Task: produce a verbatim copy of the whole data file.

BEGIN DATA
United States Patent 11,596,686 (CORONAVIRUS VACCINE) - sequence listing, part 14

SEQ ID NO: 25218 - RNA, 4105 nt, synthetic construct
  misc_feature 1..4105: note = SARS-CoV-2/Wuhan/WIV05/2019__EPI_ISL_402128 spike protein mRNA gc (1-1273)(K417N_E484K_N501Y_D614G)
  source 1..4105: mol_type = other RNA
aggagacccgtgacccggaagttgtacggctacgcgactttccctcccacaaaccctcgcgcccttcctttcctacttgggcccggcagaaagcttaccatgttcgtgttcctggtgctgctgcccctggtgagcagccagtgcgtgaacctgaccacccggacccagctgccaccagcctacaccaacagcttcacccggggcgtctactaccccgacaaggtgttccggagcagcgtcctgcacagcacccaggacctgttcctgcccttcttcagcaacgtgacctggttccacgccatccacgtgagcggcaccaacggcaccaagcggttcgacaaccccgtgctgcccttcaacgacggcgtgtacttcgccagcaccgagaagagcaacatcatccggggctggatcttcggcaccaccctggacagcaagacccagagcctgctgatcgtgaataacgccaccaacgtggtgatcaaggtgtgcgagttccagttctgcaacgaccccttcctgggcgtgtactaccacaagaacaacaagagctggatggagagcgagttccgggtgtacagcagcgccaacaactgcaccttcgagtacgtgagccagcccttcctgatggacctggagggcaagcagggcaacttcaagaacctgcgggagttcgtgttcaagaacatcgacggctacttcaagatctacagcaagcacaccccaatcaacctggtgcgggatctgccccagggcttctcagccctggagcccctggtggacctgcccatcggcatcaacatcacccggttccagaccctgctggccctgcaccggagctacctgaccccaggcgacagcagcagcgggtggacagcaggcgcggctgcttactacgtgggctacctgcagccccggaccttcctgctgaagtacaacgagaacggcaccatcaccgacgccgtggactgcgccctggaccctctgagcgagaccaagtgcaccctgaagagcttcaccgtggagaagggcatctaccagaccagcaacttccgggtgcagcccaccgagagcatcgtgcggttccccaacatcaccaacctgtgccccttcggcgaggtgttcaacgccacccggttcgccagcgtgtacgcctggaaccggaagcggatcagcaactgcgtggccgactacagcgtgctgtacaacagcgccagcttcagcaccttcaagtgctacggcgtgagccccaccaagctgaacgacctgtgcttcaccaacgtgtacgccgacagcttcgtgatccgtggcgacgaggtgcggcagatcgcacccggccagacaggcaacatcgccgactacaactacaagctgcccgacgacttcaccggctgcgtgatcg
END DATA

United States Patent 11,596,686 (CORONAVIRUS VACCINE) - sequence listing, part 14

SEQ ID NO: 25218 - RNA, 4105 nt, synthetic construct
  misc_feature 1..4105: note = SARS-CoV-2/Wuhan/WIV05/2019__EPI_ISL_402128 spike protein mRNA gc (1-1273)(K417N_E484K_N501Y_D614G)
  source 1..4105: mol_type = other RNA
aggagacccgtgacccggaagttgtacggctacgcgactttccctcccacaaaccctcgcgcccttcctttcctacttgggcccggcagaaagcttaccatgttcgtgttcctggtgctgctgcccctggtgagcagccagtgcgtgaacctgaccacccggacccagctgccaccagcctacaccaacagcttcacccggggcgtctactaccccgacaaggtgttccggagcagcgtcctgcacagcacccaggacctgttcctgcccttcttcagcaacgtgacctggttccacgccatccacgtgagcggcaccaacggcaccaagcggttcgacaaccccgtgctgcccttcaacgacggcgtgtacttcgccagcaccgagaagagcaacatcatccggggctggatcttcggcaccaccctggacagcaagacccagagcctgctgatcgtgaataacgccaccaacgtggtgatcaaggtgtgcgagttccagttctgcaacgaccccttcctgggcgtgtactaccacaagaacaacaagagctggatggagagcgagttccgggtgtacagcagcgccaacaactgcaccttcgagtacgtgagccagcccttcctgatggacctggagggcaagcagggcaacttcaagaacctgcgggagttcgtgttcaagaacatcgacggctacttcaagatctacagcaagcacaccccaatcaacctggtgcgggatctgccccagggcttctcagccctggagcccctggtggacctgcccatcggcatcaacatcacccggttccagaccctgctggccctgcaccggagctacctgaccccaggcgacagcagcagcgggtggacagcaggcgcggctgcttactacgtgggctacctgcagccccggaccttcctgctgaagtacaacgagaacggcaccatcaccgacgccgtggactgcgccctggaccctctgagcgagaccaagtgcaccctgaagagcttcaccgtggagaagggcatctaccagaccagcaacttccgggtgcagcccaccgagagcatcgtgcggttccccaacatcaccaacctgtgccccttcggcgaggtgttcaacgccacccggttcgccagcgtgtacgcctggaaccggaagcggatcagcaactgcgtggccgactacagcgtgctgtacaacagcgccagcttcagcaccttcaagtgctacggcgtgagccccaccaagctgaacgacctgtgcttcaccaacgtgtacgccgacagcttcgtgatccgtggcgacgaggtgcggcagatcgcacccggccagacaggcaacatcgccgactacaactacaagctgcccgacgacttcaccggctgcgtgatcg